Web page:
As such, the contemporary world of the martial arts presupposes that the human-person is a duality of mind and body. This is a philosophical fiction that has been in circulation for centuries.
Warrior Flow, recognizing, as it does, that the person is a unity of mind and body and that, moreover, the body is the subconscious mind, as neuroscientist Joe Dispensa describes it, is having none of it.
Thus, Warrior Flow’s principles-based, as opposed to techniques-based, training modality: Warrior Flow practitioners train not in moves, but in moving, and moving with peerless economy of motion. Yet—and this is unequivocal—each and every movement, from striking a dummy, a heavy bag, or one’s training partner to lifting a glass, stepping from one point to another, and brushing one’s teeth, every movement is related to every other in serving an overarching telos. Every movement, that is, possesses a larger purpose that eclipses the short-term, surface purpose brought to fruition by its execution.
That larger purpose is nothing more or less than the annihilation of the enemy.
Warrior Flow students train to perfect their movement, not for movement’s sake, but for the sake of moving with an effortlessness that will upset an aggressor’s perception of space and time just long enough to remove him from the planet.
Practitioners train not in what to do, but in how to do whatever it is they decide they need to do. They learn about human anatomy well enough, but it is mostly indirectly, via their immersion in the machinations of human physiology—i.e. the principles, processes, the mechanisms by which the anatomical ingredients of the human body constitute the organism that it is.
The five principles of Warrior Flow are as follows:
“Balance” is a term that seems to endlessly spring from the lips of martial artists. It is commonplace. Equilibrium control, however, is something else. Obviously, it encompasses balance, but it surpasses it as well.
In assuming control of one’s equilibrium, one ensures that all of the countless components of one’s body are making all of the countless mutual adjustments that they must make so that when one must blast the enemy one can do so, solidly rooted, with one’s whole body lined up behind one’s strikes.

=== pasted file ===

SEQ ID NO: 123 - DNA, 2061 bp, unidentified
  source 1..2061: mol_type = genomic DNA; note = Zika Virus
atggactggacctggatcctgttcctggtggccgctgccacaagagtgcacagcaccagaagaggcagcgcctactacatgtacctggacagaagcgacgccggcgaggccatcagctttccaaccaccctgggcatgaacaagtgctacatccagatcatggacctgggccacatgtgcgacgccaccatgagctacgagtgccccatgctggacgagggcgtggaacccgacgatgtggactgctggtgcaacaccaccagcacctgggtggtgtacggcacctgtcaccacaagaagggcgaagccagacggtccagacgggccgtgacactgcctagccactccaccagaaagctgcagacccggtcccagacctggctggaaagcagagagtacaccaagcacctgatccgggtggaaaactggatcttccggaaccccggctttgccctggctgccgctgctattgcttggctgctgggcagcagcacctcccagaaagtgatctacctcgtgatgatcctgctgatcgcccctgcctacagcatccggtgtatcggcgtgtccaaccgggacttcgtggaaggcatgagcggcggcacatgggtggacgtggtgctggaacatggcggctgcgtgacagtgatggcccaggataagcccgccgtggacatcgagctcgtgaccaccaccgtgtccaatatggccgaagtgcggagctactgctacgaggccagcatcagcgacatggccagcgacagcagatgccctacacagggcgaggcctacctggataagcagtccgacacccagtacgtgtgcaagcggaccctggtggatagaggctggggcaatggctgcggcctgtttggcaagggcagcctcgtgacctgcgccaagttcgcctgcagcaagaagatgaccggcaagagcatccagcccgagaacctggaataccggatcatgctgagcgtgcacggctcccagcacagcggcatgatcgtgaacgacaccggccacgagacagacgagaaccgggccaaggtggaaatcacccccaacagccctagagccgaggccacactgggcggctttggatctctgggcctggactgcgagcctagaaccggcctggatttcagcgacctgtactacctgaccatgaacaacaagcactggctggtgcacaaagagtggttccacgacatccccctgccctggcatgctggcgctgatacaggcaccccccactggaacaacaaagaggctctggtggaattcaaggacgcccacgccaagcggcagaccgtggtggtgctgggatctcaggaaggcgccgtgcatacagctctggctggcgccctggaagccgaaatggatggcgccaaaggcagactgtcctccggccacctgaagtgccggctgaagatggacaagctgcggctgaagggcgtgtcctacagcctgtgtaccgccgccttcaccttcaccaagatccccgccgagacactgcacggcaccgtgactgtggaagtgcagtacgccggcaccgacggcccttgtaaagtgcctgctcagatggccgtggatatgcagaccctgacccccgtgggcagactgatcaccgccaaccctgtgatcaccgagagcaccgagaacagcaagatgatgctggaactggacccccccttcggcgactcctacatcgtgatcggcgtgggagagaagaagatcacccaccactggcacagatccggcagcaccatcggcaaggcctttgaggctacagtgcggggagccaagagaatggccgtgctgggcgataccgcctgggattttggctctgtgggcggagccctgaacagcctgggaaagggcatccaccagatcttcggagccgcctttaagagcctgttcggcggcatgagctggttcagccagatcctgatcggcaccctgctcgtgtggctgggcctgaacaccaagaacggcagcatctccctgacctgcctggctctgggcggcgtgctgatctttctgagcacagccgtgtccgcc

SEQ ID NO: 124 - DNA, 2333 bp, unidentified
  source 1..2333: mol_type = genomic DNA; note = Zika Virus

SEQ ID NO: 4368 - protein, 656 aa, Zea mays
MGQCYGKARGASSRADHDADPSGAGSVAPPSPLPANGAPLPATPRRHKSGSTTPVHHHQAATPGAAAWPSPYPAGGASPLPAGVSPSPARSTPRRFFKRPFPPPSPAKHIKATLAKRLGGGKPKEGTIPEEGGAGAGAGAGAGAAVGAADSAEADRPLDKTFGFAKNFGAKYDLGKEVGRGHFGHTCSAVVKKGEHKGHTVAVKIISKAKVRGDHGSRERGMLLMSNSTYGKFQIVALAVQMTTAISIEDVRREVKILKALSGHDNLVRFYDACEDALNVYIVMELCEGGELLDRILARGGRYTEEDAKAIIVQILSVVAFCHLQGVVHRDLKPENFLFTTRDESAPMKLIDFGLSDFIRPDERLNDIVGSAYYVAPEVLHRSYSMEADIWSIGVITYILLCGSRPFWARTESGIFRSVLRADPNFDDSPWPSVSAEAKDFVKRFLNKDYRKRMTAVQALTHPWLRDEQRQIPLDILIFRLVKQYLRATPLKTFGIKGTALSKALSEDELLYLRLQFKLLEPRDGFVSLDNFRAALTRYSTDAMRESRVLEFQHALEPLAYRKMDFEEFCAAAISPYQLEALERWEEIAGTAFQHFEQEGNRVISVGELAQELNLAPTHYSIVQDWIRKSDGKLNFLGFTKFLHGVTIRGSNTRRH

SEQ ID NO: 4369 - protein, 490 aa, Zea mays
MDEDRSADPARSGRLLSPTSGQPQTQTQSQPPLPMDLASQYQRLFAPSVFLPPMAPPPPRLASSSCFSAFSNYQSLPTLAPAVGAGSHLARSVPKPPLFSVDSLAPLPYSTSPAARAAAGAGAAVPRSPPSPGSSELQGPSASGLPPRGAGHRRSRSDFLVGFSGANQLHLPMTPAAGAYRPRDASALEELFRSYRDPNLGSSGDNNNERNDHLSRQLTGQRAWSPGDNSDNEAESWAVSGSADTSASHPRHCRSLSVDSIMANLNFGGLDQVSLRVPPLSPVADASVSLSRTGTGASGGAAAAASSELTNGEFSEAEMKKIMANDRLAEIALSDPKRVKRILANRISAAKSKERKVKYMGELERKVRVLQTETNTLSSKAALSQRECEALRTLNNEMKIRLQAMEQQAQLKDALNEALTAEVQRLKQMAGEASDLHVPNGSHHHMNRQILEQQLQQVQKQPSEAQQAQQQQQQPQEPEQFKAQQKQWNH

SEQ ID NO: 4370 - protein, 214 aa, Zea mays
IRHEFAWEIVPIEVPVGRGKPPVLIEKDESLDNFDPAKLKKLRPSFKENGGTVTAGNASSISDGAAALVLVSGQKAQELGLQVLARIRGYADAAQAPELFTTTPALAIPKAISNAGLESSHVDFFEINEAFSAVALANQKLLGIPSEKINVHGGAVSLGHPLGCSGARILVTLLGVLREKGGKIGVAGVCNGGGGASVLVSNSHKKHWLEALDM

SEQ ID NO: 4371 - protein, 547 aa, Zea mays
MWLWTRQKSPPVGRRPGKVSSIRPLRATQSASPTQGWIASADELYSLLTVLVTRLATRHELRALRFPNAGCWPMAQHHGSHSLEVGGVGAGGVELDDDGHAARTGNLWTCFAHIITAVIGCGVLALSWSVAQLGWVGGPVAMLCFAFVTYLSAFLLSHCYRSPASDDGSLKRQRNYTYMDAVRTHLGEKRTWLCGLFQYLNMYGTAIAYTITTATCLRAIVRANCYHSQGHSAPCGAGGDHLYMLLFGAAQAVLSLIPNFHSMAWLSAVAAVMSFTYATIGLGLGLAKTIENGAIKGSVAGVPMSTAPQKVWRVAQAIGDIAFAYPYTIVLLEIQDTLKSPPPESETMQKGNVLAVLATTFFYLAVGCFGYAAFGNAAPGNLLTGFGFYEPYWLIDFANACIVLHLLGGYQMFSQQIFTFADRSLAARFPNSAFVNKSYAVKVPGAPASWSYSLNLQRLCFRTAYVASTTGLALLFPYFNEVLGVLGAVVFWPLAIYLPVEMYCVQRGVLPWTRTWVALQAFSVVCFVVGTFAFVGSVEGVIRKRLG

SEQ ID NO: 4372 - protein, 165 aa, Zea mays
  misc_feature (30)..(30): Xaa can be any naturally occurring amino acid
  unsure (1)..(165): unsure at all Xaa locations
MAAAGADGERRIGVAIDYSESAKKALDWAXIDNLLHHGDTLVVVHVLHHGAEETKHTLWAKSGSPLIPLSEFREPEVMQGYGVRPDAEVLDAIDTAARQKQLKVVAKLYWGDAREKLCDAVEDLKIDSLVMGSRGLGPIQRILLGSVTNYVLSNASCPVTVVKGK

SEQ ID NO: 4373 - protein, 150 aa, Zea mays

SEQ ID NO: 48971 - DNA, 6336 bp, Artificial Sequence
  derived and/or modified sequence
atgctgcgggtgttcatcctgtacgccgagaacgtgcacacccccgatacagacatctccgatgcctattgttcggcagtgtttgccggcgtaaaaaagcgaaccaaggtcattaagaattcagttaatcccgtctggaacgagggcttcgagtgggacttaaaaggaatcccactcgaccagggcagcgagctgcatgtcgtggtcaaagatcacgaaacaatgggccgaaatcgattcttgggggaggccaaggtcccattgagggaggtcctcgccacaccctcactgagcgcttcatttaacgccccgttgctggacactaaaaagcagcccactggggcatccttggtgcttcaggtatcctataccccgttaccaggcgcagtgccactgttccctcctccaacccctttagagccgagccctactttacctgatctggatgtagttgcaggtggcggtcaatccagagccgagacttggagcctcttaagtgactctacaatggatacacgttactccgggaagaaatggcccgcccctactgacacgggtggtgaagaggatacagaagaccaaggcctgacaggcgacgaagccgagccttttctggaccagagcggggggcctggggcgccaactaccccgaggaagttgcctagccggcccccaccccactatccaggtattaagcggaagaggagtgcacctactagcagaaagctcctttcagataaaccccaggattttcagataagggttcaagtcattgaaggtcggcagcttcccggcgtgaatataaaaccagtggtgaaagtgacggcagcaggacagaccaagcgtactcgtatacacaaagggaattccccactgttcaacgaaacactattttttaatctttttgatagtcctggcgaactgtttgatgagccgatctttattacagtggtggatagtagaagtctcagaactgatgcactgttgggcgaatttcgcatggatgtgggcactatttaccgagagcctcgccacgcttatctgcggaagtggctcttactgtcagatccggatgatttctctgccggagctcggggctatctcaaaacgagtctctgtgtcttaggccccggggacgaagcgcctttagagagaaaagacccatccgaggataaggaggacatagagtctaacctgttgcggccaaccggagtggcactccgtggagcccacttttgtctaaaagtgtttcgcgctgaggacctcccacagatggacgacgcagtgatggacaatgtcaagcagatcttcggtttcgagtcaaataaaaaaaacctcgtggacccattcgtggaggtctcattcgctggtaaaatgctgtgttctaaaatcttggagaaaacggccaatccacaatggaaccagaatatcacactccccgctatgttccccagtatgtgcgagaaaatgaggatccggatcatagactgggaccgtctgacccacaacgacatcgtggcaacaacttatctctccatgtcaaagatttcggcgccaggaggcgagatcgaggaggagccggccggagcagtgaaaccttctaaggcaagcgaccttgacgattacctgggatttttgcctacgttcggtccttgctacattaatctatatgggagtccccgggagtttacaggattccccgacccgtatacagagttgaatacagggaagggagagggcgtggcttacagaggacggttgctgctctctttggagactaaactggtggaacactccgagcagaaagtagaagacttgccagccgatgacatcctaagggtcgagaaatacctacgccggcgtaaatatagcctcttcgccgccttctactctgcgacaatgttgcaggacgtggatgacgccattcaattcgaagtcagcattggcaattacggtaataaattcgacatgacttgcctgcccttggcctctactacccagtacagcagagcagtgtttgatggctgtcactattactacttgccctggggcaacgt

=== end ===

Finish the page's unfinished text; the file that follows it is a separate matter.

Remember: Warrior Flow students do not train to move for movement’s sake. And they do not strike for the sake of stinging or bruising an attacker. Since they perfect their movement for the sake of neutralizing belligerents, they seek to guarantee that every strike possesses maximal power, bone-crushing might designed to critically injure, maim, and kill. But only by propelling one’s strikes by one’s whole body will this amount of power be generated.
Like “balance,” so too are “relaxed” and “loose” terms that are the common currency of martial artists. Yet, like “balance,” these last two are insufficiently precise, being simultaneously too broad and too narrow in scope. Neither, given both their denotative and connotative meanings, are they sufficiently conducive toward the ultimate goal of crushing the enemy, for if one is either too “relaxed” or too “loose” one can have one’s life extinguished.
Simply put, subtle muscle-control is the condition that obtains when the Many become One, when the body’s muscles, being unitized, operate with maximal fluidity and efficiency, all enlisted at once in the service of exploiting all of the possibilities within the space-time continuum for the purpose of becoming unavailable, yet unavoidable, to the enemy.
Reality-based martial arts systems stress the need for gross muscle movements. This emphasis is meant to distinguish these systems from the classical martial arts, with the latter’s focus upon techniques that tend to be more complicated and, thus, less practical. What the instructors of these combative programs neglect, though, is that to maximize their students’ odds of successfully prosecuting the “gross” muscle movements that they teach, their students need…subtle muscle-control!